Zachary Butler

Zachary Butler Headshot

Zachary Butler is an Associate Professor in the B. Thomas Golisano College of Computing and Information Sciences. This month, he shares with us how he sees teaching as a puzzle—one in which he is trying to figure out the best way to help each student understand a concept. “I encourage all my students to tell me if they don’t understand something, because I want them to know I’ll do whatever it takes to make sure everyone gets it.” Read his answers to a few critical questions here:

1. How Do You Teach Applied Critical Thinking?

In computer science we deal with many different algorithms to solve different problems, but it is very important to understand which algorithm is appropriate for a given problem. For example, in my Intelligent Systems course, I often give my students a real-world problem and ask what algorithm they would use to solve it, and how it would be applied. In my robotics course, we discuss how each algorithm would perform in the real world and what sort of failures we would expect in different situations.

2. Why Do You Think Applied Critical Thinking is Important in Your Domain?

Often, we can write a program and observe that it works, at least in certain cases. But we should also know why it works – whether we can formally prove its correctness or not, we need to understand its strengths and its limitations. For example, while many machine learning algorithms can make recommendations or predictions from past behavior, some of these can explain in detail where the predictions come from, while others are more of a “black box.” Depending on the application, we may be happy with the black box, or require that the algorithm can explain itself. It is important for us to understand what sort of situation we are in, and what expectations we can and should have of our software.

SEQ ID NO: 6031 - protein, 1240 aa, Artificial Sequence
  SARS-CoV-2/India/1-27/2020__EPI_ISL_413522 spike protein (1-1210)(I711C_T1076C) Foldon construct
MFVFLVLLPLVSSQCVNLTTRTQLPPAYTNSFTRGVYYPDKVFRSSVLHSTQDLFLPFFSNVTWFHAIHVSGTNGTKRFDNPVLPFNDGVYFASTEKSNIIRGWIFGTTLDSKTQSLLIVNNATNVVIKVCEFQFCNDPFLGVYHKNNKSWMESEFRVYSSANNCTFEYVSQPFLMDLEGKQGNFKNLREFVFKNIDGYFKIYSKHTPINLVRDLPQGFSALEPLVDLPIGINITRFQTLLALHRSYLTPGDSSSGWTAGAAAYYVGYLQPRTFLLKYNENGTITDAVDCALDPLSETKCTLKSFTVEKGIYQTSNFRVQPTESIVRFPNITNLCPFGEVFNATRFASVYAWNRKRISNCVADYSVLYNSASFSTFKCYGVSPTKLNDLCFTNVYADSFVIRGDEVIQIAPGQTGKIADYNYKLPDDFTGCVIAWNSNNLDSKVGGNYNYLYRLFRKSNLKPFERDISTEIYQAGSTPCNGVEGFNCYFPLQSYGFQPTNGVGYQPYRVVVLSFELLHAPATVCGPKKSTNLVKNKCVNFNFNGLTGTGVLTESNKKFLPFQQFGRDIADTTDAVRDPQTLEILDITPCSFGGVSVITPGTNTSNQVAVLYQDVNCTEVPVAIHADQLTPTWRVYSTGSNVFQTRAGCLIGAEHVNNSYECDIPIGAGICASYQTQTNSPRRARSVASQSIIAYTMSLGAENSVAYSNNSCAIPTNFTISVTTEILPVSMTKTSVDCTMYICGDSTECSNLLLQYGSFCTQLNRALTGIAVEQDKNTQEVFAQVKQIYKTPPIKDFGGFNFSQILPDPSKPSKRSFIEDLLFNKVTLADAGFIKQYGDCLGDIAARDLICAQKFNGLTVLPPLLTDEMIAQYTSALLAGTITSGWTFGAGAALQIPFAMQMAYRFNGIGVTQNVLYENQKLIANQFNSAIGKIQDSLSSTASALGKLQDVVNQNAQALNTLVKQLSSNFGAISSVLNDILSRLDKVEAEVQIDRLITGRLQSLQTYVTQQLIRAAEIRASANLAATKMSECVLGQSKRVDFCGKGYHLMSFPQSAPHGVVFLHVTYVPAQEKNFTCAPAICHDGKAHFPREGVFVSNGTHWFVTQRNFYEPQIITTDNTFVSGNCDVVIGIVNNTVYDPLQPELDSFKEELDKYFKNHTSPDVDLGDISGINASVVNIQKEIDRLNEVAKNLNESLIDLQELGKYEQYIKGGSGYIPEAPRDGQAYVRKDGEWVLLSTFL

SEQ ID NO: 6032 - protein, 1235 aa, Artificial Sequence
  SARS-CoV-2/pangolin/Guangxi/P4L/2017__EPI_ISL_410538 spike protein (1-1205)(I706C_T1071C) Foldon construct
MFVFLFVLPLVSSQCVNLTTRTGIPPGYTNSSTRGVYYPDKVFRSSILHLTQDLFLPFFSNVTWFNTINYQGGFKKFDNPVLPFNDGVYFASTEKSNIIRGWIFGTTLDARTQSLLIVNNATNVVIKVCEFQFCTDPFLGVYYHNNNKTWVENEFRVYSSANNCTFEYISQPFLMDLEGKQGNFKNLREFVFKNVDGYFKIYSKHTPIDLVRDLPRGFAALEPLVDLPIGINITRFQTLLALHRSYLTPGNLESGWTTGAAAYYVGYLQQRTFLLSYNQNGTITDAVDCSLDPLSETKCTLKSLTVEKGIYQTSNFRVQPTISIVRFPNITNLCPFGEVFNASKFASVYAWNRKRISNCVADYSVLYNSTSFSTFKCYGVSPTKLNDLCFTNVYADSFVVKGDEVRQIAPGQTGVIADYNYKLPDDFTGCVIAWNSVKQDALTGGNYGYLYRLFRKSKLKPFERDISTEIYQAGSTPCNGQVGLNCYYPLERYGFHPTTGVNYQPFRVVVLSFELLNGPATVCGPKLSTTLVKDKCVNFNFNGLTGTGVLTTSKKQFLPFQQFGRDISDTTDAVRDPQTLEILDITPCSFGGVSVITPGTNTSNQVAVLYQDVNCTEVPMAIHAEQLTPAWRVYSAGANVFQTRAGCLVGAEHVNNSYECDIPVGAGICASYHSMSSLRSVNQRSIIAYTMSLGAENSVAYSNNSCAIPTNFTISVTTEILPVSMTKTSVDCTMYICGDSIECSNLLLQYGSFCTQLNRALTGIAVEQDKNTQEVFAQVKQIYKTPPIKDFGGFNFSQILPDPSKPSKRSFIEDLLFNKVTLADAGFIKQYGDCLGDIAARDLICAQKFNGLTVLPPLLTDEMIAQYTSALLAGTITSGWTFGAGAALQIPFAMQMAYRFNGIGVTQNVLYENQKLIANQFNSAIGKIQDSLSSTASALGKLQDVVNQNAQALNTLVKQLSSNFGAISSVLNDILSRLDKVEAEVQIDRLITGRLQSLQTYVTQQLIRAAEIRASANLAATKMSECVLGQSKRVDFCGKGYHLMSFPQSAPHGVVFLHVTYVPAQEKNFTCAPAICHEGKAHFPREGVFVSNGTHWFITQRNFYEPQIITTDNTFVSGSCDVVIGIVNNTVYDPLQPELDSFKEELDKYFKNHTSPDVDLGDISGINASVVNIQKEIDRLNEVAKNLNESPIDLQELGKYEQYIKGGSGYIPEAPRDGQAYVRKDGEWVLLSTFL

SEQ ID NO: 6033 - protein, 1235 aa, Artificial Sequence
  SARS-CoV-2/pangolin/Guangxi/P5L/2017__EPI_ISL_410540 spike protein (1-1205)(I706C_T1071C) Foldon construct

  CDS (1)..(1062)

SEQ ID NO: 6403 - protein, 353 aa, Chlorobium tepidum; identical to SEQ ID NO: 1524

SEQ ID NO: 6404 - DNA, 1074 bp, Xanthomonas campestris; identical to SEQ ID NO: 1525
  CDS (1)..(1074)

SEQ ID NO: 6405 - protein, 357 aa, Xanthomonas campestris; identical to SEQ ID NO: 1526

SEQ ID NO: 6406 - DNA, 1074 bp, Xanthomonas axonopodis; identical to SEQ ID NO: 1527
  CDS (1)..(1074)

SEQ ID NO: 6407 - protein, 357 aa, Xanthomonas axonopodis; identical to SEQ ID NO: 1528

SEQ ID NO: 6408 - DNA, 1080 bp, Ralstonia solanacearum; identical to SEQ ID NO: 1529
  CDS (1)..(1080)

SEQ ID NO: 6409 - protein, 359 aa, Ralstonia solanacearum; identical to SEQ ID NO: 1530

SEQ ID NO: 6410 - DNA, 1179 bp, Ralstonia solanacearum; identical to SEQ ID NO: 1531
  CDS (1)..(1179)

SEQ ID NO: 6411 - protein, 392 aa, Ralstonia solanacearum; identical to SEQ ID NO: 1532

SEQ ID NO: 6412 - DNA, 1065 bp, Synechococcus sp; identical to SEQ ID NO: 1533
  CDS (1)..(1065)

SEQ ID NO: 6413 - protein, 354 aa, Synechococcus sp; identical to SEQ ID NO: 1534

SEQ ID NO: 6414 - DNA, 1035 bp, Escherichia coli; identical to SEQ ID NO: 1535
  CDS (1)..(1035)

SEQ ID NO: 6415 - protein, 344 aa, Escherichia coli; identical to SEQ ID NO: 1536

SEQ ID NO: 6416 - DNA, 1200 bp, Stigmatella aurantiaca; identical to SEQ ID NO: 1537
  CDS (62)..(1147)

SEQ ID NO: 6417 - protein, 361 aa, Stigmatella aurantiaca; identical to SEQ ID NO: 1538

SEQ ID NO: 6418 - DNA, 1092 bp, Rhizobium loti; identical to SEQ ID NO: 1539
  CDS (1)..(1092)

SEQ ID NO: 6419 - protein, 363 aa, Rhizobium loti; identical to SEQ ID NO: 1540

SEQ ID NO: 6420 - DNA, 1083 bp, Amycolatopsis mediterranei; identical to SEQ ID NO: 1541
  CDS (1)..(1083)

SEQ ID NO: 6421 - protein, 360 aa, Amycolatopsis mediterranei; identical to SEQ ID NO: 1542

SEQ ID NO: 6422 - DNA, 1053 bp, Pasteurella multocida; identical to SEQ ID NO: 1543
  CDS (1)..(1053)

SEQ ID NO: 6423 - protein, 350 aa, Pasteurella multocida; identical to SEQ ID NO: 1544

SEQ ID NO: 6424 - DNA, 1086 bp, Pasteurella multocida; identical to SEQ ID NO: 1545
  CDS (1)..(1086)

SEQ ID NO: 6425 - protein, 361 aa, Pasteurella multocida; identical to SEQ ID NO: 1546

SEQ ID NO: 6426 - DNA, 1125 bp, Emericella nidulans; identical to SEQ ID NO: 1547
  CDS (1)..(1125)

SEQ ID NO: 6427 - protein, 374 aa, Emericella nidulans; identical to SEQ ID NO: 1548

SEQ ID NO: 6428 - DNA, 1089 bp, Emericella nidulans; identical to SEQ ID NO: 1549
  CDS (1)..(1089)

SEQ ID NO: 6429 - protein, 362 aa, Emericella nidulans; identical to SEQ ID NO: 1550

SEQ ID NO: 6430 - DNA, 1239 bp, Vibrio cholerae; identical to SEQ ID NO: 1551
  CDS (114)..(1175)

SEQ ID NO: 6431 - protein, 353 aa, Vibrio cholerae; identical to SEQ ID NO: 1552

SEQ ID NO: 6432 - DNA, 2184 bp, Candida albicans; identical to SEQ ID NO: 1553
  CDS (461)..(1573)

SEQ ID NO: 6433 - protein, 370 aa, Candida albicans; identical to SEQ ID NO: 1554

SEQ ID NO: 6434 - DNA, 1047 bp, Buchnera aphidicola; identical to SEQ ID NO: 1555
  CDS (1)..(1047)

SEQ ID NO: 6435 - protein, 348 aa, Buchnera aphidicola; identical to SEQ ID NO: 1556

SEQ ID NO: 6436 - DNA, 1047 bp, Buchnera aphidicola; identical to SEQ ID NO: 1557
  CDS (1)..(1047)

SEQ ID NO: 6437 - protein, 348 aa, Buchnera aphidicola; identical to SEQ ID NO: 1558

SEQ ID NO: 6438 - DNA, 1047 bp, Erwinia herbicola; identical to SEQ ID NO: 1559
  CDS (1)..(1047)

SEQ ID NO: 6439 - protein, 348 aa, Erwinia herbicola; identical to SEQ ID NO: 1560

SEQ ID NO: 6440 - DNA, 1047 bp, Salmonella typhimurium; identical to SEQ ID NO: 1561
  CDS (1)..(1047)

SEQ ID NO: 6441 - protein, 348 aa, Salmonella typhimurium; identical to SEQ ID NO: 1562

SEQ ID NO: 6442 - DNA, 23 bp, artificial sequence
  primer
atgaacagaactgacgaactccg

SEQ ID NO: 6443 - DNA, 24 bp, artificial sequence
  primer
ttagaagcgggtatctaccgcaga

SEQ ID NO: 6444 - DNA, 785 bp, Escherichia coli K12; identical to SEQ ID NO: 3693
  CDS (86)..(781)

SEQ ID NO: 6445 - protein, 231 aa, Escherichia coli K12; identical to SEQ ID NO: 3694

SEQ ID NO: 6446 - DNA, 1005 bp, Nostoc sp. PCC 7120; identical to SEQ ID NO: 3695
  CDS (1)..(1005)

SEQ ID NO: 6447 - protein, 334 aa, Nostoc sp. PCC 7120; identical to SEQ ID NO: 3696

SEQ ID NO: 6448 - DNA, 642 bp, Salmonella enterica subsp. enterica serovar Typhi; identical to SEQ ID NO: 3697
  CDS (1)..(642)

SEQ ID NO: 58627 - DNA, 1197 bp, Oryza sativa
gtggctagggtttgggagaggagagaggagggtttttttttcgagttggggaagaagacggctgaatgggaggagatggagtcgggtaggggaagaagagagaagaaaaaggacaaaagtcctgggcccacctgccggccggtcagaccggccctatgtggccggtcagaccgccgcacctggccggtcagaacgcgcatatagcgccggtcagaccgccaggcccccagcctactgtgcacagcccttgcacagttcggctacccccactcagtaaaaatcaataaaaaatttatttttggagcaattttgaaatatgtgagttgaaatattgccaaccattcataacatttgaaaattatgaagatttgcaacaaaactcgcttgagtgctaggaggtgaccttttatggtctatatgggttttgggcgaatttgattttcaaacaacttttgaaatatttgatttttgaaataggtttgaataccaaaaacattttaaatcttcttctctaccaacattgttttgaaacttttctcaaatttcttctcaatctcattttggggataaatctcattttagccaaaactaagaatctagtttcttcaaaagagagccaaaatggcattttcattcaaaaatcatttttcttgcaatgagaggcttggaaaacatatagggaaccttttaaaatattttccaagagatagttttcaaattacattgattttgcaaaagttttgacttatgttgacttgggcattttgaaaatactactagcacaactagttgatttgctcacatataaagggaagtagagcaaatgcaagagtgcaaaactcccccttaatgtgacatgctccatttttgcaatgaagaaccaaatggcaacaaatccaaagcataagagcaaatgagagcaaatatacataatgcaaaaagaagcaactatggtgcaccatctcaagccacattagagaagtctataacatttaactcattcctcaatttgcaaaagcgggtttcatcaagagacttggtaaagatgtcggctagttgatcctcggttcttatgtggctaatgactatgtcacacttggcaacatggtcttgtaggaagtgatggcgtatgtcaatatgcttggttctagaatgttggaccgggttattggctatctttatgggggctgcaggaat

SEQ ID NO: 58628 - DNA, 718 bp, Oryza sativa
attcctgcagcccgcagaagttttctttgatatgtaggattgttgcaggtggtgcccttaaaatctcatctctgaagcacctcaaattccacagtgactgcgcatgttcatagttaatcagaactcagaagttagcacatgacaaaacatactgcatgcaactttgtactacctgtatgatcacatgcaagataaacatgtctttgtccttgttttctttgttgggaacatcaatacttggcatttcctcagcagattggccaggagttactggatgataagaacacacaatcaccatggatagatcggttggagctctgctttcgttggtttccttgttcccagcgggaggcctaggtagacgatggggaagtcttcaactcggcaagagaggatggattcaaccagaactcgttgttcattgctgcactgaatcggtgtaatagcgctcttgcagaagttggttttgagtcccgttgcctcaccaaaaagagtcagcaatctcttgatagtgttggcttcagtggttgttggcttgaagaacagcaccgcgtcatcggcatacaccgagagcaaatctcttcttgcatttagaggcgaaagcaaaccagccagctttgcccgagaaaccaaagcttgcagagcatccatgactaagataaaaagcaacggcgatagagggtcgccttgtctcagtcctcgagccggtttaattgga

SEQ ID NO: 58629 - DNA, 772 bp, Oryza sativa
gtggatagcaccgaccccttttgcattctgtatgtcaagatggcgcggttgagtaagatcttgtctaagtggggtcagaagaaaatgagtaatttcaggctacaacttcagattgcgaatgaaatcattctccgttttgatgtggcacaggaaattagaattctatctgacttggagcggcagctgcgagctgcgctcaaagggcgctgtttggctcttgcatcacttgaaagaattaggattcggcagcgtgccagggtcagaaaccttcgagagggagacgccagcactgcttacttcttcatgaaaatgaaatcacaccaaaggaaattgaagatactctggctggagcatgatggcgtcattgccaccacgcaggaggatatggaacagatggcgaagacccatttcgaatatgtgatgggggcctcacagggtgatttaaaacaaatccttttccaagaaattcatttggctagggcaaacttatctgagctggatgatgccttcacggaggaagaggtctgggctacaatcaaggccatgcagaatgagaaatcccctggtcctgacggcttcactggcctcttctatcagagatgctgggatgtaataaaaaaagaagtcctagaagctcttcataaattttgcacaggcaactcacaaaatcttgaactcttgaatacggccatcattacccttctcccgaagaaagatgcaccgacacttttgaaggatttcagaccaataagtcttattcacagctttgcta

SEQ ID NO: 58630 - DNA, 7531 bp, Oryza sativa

3. Can You Share a Story Where Quality Applied Critical Thinking Was Key to Your Success?

Several years ago, I was talking to my department chair at the time, Paul Tymann, about my career and research.  He thoughtfully suggested that I consider applying my background in puzzles to a more formal approach to computer science education research. After some time, reading, and thought of my own, I came up with some approaches that led to successful grant proposals and some encouraging results. In actuality, this is at least as much a testament to Paul’s critical thinking as my own, and I am very thankful for it!

4. How Do You Use Critical Thinking in Other Areas of Your Life Outside of RIT?

Outside of RIT, I am most occupied as a puzzle solver and constructor. As a constructor, my job is not just to make a puzzle, but to make one that appeals to solvers. A good puzzle should have a clear underlying logic (even if it is not obvious at first), and meet the solvers’ expectations (or subvert them in satisfying ways). I try to put myself in my solvers’ shoes and think about the puzzle from both points of view as I construct it, testing and revising for correctness as well as for fulfilling results. 

5. Any Last Critical Thoughts?

I am continually impressed with our students and their thoughtfulness and willingness to ask questions. They are not just interested in the nuts and bolts of the techniques, but want to explore opportunities, truly understand the approaches, and figure out how to use them to solve new problems.